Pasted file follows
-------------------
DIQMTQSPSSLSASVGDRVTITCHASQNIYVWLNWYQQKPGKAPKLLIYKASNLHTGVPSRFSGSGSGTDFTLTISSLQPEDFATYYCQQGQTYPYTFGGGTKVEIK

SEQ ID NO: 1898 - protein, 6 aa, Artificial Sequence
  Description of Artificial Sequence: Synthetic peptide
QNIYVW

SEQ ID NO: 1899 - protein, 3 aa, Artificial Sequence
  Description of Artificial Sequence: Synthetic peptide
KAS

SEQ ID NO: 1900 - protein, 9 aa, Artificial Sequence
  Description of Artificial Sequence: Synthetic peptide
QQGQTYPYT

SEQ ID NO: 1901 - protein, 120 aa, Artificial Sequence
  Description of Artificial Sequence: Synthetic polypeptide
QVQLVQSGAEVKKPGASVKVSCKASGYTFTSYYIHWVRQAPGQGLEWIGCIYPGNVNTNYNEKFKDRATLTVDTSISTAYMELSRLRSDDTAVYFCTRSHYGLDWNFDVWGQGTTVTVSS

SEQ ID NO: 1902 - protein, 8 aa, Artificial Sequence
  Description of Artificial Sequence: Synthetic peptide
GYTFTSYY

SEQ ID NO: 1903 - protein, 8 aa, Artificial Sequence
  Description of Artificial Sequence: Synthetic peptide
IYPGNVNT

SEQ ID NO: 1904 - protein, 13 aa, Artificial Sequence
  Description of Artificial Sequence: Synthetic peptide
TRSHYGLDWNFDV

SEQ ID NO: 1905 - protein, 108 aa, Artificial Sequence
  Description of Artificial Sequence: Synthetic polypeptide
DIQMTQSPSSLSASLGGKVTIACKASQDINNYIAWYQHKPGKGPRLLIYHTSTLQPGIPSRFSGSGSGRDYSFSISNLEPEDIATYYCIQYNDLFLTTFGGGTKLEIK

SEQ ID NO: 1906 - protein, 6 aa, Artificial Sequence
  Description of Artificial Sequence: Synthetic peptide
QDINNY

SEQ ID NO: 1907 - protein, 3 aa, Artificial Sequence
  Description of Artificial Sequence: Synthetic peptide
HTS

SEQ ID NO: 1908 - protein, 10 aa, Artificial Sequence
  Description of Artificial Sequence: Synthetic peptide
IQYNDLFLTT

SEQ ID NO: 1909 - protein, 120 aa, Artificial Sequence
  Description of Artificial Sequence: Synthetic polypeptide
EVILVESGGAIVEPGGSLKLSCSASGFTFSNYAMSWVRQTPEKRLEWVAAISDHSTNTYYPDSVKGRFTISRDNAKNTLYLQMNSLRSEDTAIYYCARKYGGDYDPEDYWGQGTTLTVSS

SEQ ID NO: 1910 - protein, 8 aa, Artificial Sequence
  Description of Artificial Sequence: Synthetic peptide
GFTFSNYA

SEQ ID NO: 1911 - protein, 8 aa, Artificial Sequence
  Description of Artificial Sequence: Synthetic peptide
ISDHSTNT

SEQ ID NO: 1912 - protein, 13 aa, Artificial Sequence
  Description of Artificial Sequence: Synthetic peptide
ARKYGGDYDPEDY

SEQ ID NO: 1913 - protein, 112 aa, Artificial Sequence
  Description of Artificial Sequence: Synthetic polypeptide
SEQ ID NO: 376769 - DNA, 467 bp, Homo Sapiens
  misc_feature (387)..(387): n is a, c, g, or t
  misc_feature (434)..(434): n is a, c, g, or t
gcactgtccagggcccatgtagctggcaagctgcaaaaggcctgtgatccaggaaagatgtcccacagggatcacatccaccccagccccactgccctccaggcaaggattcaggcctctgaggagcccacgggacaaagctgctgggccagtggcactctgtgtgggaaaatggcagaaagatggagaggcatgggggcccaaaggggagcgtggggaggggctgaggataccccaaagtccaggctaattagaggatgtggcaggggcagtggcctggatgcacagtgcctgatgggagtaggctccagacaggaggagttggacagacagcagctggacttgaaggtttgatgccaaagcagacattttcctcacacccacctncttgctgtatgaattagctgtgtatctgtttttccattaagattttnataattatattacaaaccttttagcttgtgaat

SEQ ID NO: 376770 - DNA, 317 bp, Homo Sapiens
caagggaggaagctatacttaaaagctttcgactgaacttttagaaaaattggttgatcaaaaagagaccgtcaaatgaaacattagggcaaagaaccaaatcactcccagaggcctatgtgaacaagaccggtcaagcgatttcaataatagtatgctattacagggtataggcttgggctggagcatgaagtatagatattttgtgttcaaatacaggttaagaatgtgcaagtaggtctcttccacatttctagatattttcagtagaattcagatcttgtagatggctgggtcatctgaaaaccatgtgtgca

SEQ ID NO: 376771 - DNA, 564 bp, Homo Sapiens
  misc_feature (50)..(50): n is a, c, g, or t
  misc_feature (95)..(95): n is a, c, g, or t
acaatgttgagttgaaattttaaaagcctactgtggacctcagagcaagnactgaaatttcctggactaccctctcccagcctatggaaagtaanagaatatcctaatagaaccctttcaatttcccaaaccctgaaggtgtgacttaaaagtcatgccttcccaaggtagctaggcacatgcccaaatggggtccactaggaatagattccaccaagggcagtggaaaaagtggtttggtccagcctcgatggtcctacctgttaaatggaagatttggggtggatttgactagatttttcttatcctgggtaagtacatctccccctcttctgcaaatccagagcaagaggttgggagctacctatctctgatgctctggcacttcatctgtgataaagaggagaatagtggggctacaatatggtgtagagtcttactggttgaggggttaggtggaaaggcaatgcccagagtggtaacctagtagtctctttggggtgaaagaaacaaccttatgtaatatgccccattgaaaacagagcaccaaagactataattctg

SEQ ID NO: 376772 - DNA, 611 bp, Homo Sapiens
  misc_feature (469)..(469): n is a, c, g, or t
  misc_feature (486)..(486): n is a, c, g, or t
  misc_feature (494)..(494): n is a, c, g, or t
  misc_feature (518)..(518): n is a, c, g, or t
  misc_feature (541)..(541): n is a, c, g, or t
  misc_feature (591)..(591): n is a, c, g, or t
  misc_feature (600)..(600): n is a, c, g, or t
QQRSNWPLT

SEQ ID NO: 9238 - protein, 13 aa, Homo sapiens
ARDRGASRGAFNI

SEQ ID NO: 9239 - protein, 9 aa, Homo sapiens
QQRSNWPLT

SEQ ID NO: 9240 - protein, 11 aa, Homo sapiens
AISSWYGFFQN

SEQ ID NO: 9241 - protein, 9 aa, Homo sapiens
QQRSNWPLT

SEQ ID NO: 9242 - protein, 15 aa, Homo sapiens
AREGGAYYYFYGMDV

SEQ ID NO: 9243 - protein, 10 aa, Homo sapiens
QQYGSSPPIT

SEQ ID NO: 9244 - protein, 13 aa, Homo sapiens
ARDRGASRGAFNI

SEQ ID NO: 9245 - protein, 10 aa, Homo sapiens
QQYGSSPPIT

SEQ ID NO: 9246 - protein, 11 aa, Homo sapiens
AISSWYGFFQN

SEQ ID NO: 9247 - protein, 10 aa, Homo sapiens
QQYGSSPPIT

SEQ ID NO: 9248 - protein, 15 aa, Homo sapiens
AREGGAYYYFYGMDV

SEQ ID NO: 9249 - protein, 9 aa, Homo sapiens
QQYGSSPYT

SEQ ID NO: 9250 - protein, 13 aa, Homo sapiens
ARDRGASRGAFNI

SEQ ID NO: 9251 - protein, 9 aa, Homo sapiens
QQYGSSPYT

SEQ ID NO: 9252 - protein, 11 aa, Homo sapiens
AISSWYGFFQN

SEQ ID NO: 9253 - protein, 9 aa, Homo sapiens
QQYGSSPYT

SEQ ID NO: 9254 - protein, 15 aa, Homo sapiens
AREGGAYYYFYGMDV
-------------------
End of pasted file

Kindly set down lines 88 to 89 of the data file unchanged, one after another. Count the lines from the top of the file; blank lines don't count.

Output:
SEQ ID NO: 9248 - protein, 15 aa, Homo sapiens
AREGGAYYYFYGMDV